China Lowballed Hollywood Box Office By 9% In 2016, Audit Finds – Report

In June, it emerged that the MPAA had hired an accounting firm to audit Middle Kingdom box office on a select number of films. This was the first time the Hollywood studios availed themselves of a clause in the longform agreement with China which gives them the ability to take their own look at the books.

A report by the Wall Street Journal today says PricewaterhouseCoopers has found ticket sales were under-reported in 2016 by about 9%. Citing people familiar with the matter, the paper said auditors uncovered irregularities such as revenue listed as concession rather than ticket sales, non-reported screenings and incorrect audience sizes.

It’s not clear which titles the audit looked at, but the WSJ says 29 were audited across a small swath of cinemas and screens with the result then extrapolated to account for the market’s more than 40K screens. The lost revenue in 2016 is estimated at about $40M for the majors. The MPAA is not commenting on the situation.

This is a delicate time for such news to come out, particularly given the negotiations between China and the U.S. Trade Representative on a new industry contract. It’s believed those negotiations have been shelved for the time being as China prepares for the October 18 National Congress of the Communist Party which will usher in changes among the top ranks. The film industry negotiations are expected to drag into next year, sources have told Deadline.

While box office manipulation has long been a major issue in China, the vast market has increasingly vowed to crack down on cheats. The decision to trigger the audit was a group call made by the MPAA’s member companies. While it’s a sensitive subject, the practice has happened in other markets and helps gain a better understanding of the exhibition and distribution sectors. In China, they’ve been historically murky to say the least. Per a 2016 Xinhua report, statistics indicate that at least 10% of all box office takings have been “stolen” in recent years.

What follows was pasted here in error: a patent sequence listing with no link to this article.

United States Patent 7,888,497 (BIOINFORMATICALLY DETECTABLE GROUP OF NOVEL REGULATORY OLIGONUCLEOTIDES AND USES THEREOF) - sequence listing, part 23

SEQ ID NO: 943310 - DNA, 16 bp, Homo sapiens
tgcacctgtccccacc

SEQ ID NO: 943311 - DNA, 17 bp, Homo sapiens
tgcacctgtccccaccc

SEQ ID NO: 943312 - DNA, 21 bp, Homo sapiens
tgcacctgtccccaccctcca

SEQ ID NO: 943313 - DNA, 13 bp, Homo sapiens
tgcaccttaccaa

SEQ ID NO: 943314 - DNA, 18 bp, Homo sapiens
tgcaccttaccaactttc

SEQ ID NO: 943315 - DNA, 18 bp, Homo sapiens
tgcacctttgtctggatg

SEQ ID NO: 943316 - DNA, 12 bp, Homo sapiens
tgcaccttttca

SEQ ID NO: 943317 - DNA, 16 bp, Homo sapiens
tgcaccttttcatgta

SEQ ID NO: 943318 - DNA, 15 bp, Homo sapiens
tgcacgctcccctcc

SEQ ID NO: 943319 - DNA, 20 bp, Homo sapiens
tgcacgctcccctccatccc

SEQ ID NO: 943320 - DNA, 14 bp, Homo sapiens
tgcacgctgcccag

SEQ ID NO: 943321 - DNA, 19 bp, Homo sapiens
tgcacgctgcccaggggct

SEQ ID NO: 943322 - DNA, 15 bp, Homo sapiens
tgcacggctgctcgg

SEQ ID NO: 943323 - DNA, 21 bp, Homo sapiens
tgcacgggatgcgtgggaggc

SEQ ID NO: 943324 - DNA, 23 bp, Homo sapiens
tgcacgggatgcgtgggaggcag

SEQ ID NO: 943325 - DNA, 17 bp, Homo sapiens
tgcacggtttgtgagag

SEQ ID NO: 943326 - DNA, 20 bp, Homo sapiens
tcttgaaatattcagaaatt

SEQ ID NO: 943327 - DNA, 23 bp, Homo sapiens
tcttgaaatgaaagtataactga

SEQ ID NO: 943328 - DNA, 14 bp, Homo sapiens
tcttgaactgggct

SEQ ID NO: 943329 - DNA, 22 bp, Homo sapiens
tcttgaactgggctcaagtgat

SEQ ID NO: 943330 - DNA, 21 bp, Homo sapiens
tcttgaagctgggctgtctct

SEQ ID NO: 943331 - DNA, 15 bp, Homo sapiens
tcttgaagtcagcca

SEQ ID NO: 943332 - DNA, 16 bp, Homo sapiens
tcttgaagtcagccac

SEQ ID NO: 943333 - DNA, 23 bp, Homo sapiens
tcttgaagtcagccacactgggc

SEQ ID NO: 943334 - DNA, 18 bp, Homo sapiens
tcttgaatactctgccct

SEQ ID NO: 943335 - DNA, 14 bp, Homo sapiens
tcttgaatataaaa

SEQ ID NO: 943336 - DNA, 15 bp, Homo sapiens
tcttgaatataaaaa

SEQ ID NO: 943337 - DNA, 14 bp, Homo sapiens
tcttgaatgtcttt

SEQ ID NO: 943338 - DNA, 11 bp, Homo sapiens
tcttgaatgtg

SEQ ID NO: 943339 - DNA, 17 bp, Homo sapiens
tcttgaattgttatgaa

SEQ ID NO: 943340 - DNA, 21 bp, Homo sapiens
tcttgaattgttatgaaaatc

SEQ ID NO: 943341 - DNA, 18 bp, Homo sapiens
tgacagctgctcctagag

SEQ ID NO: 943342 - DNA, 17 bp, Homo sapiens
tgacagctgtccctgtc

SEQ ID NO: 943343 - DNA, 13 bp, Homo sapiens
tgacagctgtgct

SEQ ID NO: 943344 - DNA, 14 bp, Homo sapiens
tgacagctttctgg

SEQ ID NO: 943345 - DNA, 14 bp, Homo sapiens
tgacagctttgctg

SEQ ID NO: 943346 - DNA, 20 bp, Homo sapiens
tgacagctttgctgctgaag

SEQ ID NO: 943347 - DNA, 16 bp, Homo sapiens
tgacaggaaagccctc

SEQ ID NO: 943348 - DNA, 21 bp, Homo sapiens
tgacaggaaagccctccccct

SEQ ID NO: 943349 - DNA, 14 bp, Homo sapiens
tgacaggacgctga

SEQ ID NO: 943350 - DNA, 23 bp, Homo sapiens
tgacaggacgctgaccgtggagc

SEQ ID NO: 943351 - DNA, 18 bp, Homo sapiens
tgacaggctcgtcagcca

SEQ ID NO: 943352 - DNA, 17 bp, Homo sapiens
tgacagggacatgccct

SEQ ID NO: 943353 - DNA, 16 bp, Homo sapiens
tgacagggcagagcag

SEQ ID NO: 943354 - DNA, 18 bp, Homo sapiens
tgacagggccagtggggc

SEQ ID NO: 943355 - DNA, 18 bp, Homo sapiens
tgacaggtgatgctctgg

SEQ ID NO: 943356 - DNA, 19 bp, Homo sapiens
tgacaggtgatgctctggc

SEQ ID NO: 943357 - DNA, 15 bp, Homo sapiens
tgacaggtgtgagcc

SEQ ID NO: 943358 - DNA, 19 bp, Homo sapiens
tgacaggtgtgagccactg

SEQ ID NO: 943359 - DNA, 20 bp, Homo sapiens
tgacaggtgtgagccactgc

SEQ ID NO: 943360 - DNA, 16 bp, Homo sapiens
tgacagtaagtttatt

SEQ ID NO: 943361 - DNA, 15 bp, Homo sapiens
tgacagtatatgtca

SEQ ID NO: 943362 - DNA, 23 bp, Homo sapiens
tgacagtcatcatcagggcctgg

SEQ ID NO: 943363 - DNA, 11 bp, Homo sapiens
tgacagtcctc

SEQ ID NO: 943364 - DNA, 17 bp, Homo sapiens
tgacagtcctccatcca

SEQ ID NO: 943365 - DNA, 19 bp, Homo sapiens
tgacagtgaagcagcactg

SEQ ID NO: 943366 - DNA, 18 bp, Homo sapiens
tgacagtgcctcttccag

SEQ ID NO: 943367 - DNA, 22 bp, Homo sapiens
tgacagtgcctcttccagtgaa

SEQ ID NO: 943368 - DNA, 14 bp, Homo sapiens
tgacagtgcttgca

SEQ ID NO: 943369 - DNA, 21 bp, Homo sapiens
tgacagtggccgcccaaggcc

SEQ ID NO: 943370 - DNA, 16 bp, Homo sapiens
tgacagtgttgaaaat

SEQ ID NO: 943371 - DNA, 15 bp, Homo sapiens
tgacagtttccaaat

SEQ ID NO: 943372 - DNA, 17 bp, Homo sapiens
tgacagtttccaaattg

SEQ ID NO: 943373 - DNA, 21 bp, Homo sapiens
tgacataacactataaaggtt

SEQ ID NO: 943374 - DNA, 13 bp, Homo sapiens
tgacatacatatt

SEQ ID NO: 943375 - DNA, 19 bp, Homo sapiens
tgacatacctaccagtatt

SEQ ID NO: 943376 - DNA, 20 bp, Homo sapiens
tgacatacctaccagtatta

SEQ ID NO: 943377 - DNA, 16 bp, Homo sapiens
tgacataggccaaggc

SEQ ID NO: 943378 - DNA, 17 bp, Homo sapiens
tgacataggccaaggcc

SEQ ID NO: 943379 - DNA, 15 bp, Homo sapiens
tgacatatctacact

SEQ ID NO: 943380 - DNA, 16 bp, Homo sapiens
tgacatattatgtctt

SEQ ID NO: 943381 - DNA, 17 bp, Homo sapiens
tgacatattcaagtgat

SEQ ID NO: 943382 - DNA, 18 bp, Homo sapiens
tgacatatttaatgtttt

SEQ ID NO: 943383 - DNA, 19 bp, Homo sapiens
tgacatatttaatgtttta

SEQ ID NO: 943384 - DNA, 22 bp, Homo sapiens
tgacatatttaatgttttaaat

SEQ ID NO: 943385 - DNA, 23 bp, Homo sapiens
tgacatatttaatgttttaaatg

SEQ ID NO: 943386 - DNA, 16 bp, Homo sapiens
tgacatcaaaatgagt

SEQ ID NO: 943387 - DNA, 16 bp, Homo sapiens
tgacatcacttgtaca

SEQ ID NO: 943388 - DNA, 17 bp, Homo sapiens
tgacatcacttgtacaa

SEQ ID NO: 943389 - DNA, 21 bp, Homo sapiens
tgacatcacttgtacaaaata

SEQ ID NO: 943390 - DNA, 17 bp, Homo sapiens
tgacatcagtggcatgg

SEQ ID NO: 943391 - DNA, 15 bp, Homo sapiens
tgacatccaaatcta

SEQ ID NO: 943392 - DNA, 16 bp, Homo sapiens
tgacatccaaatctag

Currently, Hollywood receives 25% of the box office on its films in China and would like to see that number increased as well as more transparency and flexibility over release dates; and potentially an increase in the number of quota titles (although there are schools for and against as PROC P&A costs rise).

The world’s fastest-growing market is a significant part of Hollywood economics. This year, box office is up some 10%. The Middle Kingdom had its own gargantuan smash in Wolf Warriors 2, while some 10 Hollywood movies have crossed $100M there.

The PROC has been more carefully policing its own back yard, establishing a new law which vowed to be tough on box office fraud, ultimately resulting in suspensions, fines and warnings.

Paramount

Local players have been slapped for fraud and for giving away millions worth of tickets for “public welfare screenings.” In 2015, there were reports of box office being falsely goosed when moviegoers buying tickets to see Terminator: Genisys were sold entries to propaganda film The Hundred Regiments Offensive so that the coin would go into the local film’s coffers. Write-ins then allowed folks to instead see the film they initially sought. The state stayed silent on that one.

The MPAA and auditors are understood to have presented their recent results to China Film Group in September and its reps were receptive. However, per WSJ sources, they said only a higher government authority could enforce stricter controls on theaters. CFG, which has a commercial interest in box office itself as the main distributor of films locally, is looking at PwC’s findings and is due to report back later this month.